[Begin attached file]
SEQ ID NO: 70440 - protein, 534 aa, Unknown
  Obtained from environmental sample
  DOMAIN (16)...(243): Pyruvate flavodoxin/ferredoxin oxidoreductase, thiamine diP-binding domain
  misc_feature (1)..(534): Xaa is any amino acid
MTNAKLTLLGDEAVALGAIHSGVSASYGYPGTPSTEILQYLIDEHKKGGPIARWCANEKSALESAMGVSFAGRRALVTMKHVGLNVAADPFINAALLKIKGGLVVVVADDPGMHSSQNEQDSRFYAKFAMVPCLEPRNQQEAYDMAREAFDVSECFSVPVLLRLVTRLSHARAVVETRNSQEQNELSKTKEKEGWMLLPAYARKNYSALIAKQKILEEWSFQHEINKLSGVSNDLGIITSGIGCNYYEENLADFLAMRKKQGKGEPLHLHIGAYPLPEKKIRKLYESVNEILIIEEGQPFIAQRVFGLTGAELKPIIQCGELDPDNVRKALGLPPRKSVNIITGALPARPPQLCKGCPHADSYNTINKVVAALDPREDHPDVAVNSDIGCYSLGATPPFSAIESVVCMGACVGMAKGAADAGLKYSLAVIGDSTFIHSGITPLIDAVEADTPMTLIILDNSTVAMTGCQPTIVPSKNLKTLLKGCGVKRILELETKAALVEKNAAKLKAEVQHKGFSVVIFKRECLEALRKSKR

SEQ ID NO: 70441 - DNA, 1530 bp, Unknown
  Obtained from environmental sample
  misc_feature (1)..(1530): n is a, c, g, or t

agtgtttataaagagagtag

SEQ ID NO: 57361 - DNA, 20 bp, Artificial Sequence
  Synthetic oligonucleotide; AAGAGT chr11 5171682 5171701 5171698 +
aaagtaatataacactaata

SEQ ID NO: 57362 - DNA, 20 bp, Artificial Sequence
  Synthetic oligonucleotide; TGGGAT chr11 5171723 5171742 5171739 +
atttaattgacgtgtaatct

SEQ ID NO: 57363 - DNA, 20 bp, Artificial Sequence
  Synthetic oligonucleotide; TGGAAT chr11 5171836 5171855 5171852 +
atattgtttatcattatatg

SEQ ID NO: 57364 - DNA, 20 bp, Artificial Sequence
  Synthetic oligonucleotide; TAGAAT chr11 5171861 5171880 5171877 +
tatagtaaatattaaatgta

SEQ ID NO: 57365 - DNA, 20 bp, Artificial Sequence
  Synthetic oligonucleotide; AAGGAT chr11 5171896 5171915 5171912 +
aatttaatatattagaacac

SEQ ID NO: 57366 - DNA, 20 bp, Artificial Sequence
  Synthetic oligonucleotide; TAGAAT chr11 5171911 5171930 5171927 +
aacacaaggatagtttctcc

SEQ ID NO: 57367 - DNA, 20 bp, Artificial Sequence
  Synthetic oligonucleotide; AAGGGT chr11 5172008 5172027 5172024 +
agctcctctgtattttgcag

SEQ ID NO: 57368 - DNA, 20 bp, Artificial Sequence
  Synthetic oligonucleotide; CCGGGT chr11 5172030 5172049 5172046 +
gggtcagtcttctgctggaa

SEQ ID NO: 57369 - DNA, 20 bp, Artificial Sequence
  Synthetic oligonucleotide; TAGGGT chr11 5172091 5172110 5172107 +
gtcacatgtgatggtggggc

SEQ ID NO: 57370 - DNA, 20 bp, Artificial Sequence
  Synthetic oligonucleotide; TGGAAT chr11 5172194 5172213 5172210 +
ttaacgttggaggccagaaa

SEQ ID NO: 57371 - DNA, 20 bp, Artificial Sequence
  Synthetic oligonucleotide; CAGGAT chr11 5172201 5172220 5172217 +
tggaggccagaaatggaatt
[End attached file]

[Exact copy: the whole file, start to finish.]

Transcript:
SEQ ID NO: 70440 - protein, 534 aa, Unknown
  Obtained from environmental sample
  DOMAIN (16)...(243): Pyruvate flavodoxin/ferredoxin oxidoreductase, thiamine diP-binding domain
  misc_feature (1)..(534): Xaa is any amino acid
MTNAKLTLLGDEAVALGAIHSGVSASYGYPGTPSTEILQYLIDEHKKGGPIARWCANEKSALESAMGVSFAGRRALVTMKHVGLNVAADPFINAALLKIKGGLVVVVADDPGMHSSQNEQDSRFYAKFAMVPCLEPRNQQEAYDMAREAFDVSECFSVPVLLRLVTRLSHARAVVETRNSQEQNELSKTKEKEGWMLLPAYARKNYSALIAKQKILEEWSFQHEINKLSGVSNDLGIITSGIGCNYYEENLADFLAMRKKQGKGEPLHLHIGAYPLPEKKIRKLYESVNEILIIEEGQPFIAQRVFGLTGAELKPIIQCGELDPDNVRKALGLPPRKSVNIITGALPARPPQLCKGCPHADSYNTINKVVAALDPREDHPDVAVNSDIGCYSLGATPPFSAIESVVCMGACVGMAKGAADAGLKYSLAVIGDSTFIHSGITPLIDAVEADTPMTLIILDNSTVAMTGCQPTIVPSKNLKTLLKGCGVKRILELETKAALVEKNAAKLKAEVQHKGFSVVIFKRECLEALRKSKR

SEQ ID NO: 70441 - DNA, 1530 bp, Unknown
  Obtained from environmental sample
  misc_feature (1)..(1530): n is a, c, g, or t

agtgtttataaagagagtag

SEQ ID NO: 57361 - DNA, 20 bp, Artificial Sequence
  Synthetic oligonucleotide; AAGAGT chr11 5171682 5171701 5171698 +
aaagtaatataacactaata

SEQ ID NO: 57362 - DNA, 20 bp, Artificial Sequence
  Synthetic oligonucleotide; TGGGAT chr11 5171723 5171742 5171739 +
atttaattgacgtgtaatct

SEQ ID NO: 57363 - DNA, 20 bp, Artificial Sequence
  Synthetic oligonucleotide; TGGAAT chr11 5171836 5171855 5171852 +
atattgtttatcattatatg

SEQ ID NO: 57364 - DNA, 20 bp, Artificial Sequence
  Synthetic oligonucleotide; TAGAAT chr11 5171861 5171880 5171877 +
tatagtaaatattaaatgta

SEQ ID NO: 57365 - DNA, 20 bp, Artificial Sequence
  Synthetic oligonucleotide; AAGGAT chr11 5171896 5171915 5171912 +
aatttaatatattagaacac

SEQ ID NO: 57366 - DNA, 20 bp, Artificial Sequence
  Synthetic oligonucleotide; TAGAAT chr11 5171911 5171930 5171927 +
aacacaaggatagtttctcc

SEQ ID NO: 57367 - DNA, 20 bp, Artificial Sequence
  Synthetic oligonucleotide; AAGGGT chr11 5172008 5172027 5172024 +
agctcctctgtattttgcag

SEQ ID NO: 57368 - DNA, 20 bp, Artificial Sequence
  Synthetic oligonucleotide; CCGGGT chr11 5172030 5172049 5172046 +
gggtcagtcttctgctggaa

SEQ ID NO: 57369 - DNA, 20 bp, Artificial Sequence
  Synthetic oligonucleotide; TAGGGT chr11 5172091 5172110 5172107 +
gtcacatgtgatggtggggc

SEQ ID NO: 57370 - DNA, 20 bp, Artificial Sequence
  Synthetic oligonucleotide; TGGAAT chr11 5172194 5172213 5172210 +
ttaacgttggaggccagaaa

SEQ ID NO: 57371 - DNA, 20 bp, Artificial Sequence
  Synthetic oligonucleotide; CAGGAT chr11 5172201 5172220 5172217 +
tggaggccagaaatggaatt